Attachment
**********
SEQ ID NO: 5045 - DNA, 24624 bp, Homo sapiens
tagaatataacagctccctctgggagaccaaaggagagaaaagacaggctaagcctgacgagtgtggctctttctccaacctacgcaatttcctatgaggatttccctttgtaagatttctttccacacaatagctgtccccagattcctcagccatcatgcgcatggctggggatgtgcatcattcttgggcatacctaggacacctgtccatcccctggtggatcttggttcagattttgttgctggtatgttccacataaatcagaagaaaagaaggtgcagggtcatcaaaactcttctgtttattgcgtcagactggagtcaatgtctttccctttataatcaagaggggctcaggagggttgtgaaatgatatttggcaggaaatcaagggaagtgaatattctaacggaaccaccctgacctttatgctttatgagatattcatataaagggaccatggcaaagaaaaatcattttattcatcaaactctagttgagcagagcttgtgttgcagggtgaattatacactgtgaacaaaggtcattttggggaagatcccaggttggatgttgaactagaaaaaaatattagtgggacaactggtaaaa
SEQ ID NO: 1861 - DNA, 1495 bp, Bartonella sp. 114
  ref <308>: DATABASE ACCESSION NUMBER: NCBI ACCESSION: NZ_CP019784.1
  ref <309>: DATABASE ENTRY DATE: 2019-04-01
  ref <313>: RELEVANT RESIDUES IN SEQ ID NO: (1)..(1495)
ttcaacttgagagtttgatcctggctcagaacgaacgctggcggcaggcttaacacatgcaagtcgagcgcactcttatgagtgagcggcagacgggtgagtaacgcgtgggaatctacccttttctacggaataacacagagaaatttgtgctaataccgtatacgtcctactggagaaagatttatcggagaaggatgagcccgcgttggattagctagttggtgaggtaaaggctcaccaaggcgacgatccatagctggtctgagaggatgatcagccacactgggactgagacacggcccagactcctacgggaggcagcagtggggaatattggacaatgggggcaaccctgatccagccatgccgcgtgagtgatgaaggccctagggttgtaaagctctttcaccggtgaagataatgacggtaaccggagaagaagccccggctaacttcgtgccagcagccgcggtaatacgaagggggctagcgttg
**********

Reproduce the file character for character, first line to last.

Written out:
SEQ ID NO: 5045 - DNA, 24624 bp, Homo sapiens
tagaatataacagctccctctgggagaccaaaggagagaaaagacaggctaagcctgacgagtgtggctctttctccaacctacgcaatttcctatgaggatttccctttgtaagatttctttccacacaatagctgtccccagattcctcagccatcatgcgcatggctggggatgtgcatcattcttgggcatacctaggacacctgtccatcccctggtggatcttggttcagattttgttgctggtatgttccacataaatcagaagaaaagaaggtgcagggtcatcaaaactcttctgtttattgcgtcagactggagtcaatgtctttccctttataatcaagaggggctcaggagggttgtgaaatgatatttggcaggaaatcaagggaagtgaatattctaacggaaccaccctgacctttatgctttatgagatattcatataaagggaccatggcaaagaaaaatcattttattcatcaaactctagttgagcagagcttgtgttgcagggtgaattatacactgtgaacaaaggtcattttggggaagatcccaggttggatgttgaactagaaaaaaatattagtgggacaactggtaaaa
SEQ ID NO: 1861 - DNA, 1495 bp, Bartonella sp. 114
  ref <308>: DATABASE ACCESSION NUMBER: NCBI ACCESSION: NZ_CP019784.1
  ref <309>: DATABASE ENTRY DATE: 2019-04-01
  ref <313>: RELEVANT RESIDUES IN SEQ ID NO: (1)..(1495)
ttcaacttgagagtttgatcctggctcagaacgaacgctggcggcaggcttaacacatgcaagtcgagcgcactcttatgagtgagcggcagacgggtgagtaacgcgtgggaatctacccttttctacggaataacacagagaaatttgtgctaataccgtatacgtcctactggagaaagatttatcggagaaggatgagcccgcgttggattagctagttggtgaggtaaaggctcaccaaggcgacgatccatagctggtctgagaggatgatcagccacactgggactgagacacggcccagactcctacgggaggcagcagtggggaatattggacaatgggggcaaccctgatccagccatgccgcgtgagtgatgaaggccctagggttgtaaagctctttcaccggtgaagataatgacggtaaccggagaagaagccccggctaacttcgtgccagcagccgcggtaatacgaagggggctagcgttg